Some published adventures seem to suggest so
The PHB says
Copying that spell into your Spellbook involves reproducing the basic form of the spell, then deciphering the unique system of notation used by the Wizard who wrote it. You must practice the spell until you understand the Sounds or gestures required, then transcribe it into your Spellbook using your own notation.
Note that this is a four-step process:
- reproduce the basic form of the spell
- decipher the unique system of notation
- practice the spell until you understand it
- transcribe it using your own notation
Even though this whole process is what is required to 'copy a spell into your spellbook', only the last step explicitly involves actually writing something in your Spellbook, and the first step does not say where you are reproducing it. Further, the cost given for time and materials is stated as the total cost for the process as a whole, and not broken down for each step (and see this question and this question).
Thus, I think it is possible that the first step, reproducing the spell's form, could involve just what you suggest, making a quick reproduction of the lines and shapes of the spell on some surface, perhaps not even your spellbook, without understanding what any of them mean. Steps (2) and (3) are likely where most of the time and money are spent, trying to figure out what the symbols mean and how to actually cast the spell. As you note, making a 'back-up' copy of a spell you already know has a specifically delineated time and cost less than that of deciphering an unknown spell, so the replacement cost might be assumed to be entirely equivalent to step (4).
Have a read of the community wiki answer to Thomas Markov's question Do any published adventures contain spells a wizard can copy that aren't written in a spellbook?, in particular for the five rocks in Storm King's Thunder and the statue in the Dungeon of the Mad Mage.
From Storm King's Thunder,
Chapter 10 says, in Room 25 - Library (p. 212):
Five rocks have the following wizard spells inscribed on them: antimagic field, conjure elemental, fabricate, legend lore, and stone shape. The rocks function like pages of a spellbook, but each weighs 600 pounds. A character who has a spellbook can record these spells in it.
The rocks weigh enough that the characters are unlikely to be taking them with them, and certainly wouldn't have the permission of their owners to do so. While combat can occur at the greater location in which these rocks are placed, it is not in an area that is actively hostile to the characters. Still, the characters are unlikely to be there for long. If they are unsuccessful in their goals while at the location, they will be defeated and expelled, imprisoned, or killed. If they are successful, they will quickly move on. Neither scenario argues for them spending much time at the location.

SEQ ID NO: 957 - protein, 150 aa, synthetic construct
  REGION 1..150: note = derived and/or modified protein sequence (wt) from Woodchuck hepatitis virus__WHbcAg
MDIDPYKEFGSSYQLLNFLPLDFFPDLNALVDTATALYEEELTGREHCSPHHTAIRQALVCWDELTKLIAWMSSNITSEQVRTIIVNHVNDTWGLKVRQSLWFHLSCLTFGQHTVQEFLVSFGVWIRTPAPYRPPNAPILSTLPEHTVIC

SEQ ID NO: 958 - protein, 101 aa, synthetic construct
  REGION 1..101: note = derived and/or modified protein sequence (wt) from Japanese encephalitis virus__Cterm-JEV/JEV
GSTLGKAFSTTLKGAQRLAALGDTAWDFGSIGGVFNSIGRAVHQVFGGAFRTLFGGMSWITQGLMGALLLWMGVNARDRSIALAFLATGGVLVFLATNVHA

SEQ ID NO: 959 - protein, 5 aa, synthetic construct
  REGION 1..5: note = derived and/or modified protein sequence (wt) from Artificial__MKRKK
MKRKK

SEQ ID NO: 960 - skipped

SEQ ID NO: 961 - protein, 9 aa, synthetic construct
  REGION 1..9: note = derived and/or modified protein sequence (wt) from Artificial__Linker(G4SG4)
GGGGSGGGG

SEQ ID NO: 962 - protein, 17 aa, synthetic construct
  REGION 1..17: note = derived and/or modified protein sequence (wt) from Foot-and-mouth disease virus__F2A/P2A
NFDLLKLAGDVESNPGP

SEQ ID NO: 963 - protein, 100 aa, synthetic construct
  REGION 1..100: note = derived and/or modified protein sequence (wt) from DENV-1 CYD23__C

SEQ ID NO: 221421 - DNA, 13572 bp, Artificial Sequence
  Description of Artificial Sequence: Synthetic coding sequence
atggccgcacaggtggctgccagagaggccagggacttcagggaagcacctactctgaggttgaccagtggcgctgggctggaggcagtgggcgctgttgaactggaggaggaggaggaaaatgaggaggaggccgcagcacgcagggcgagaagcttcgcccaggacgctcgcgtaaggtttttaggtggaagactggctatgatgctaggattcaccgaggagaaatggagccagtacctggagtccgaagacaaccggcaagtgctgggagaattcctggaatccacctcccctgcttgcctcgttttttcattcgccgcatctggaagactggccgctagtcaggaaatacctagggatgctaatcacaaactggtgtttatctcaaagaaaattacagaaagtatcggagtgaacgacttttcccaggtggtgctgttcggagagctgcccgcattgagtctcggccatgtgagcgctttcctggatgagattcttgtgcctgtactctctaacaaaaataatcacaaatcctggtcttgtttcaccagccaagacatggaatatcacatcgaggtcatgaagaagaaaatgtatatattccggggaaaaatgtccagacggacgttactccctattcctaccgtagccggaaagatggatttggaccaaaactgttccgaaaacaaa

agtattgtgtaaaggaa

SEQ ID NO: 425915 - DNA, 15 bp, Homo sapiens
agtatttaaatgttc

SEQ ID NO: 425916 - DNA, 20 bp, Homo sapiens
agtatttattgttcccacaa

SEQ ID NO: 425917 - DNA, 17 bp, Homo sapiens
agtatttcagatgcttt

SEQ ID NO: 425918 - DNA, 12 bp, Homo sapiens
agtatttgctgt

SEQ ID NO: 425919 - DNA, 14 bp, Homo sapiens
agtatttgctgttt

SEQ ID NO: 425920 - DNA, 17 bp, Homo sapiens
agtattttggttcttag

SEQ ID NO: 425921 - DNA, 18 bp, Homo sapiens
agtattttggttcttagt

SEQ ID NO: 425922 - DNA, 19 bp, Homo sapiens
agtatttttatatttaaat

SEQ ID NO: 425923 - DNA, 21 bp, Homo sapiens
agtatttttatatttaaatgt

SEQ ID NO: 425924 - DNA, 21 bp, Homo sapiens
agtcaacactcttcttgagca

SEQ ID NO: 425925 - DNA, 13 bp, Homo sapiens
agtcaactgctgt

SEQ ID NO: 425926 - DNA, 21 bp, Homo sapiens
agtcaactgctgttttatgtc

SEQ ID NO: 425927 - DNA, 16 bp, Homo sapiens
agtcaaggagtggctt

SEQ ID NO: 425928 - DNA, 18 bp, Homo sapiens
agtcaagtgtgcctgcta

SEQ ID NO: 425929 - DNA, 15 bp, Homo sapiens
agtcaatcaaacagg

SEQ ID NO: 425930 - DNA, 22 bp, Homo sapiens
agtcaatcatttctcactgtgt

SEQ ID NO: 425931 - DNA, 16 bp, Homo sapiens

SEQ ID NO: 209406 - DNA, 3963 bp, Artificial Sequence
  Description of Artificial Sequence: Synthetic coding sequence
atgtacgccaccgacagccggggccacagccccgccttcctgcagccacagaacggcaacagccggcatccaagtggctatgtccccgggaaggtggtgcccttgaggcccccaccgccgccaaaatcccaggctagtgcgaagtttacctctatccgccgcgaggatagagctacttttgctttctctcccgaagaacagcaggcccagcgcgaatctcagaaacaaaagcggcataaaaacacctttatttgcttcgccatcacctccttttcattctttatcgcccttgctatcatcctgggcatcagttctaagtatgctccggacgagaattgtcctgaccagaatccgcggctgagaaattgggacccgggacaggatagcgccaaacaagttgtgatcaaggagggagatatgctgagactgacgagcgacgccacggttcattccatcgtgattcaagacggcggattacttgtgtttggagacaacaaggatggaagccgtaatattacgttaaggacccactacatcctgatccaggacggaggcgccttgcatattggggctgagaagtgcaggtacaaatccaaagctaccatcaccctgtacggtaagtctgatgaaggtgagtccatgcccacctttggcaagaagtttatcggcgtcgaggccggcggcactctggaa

One of the spells available is 8th level. The rules for 'deciphering and copying' a spell would require that any wizard not of the abjuration school needs access to the rock for 16 hours. To collect several of the spells would require days. If these rocks are indeed placed for wizard characters to gain these spells, then ask yourself what seems more likely: that the wizard can record the symbols as undeciphered patterns in their book and then decipher and copy them later after having left the location, or that the characters are meant to stay at this location for hours or days and also happen to have thousands of gp of ink and experimental materials on hand?
In Dungeon of The Mad Mage there is a stone statue with a likeness of a spellbook from which a spell can be obtained:
On level 7, in the courtyard of Maddgoth's Castle (p. 102)
Statue. In the center of this open-air courtyard, surrounded by gardens of glittering, pebble-sized crystals, stands a 9-foot-tall statue of a plump human wizard (...) reading from a spellbook. (...)
Carved into the pages of its open spellbook is the Mordenkainen's Sword spell. A wizard can take a rubbing of the spell and copy it into a spellbook.
Here the text explicitly says "A wizard can take a rubbing of the spell and copy it into a spellbook." So what does this mean? 'A wizard can take a rubbing of the spell [now] and [later follow the rules to decipher and] copy it into a spellbook', or 'A wizard can take a rubbing of the spell [now] and [then immediately spend 14 hours and 350gp of materials to] copy it into a spellbook [but only at this location]'?
Both of these passages, in my opinion, suggest that it is possible to collect a version of a spell in no more time than it would take to recreate the actual symbols without understanding them, and then later do the time-consuming process of changing them into one's own notation.
A note on terminology
The process of placing a spell into one's spellbook is called by the PHB 'deciphering and copying'. I think it may be deliberate that in neither of these two cases do the adventures refer to wizards 'copying' the spells that are available - rather, in the first they 'record' the spell, and in the second, they 'take a rubbing'. For me, this is a clue that wizards are indeed permitted to separate out step (1) of the overall spell copying process from the other steps.
If you agree, you might change the title of your question from 'Can a wizard copy' to 'Can a wizard record'.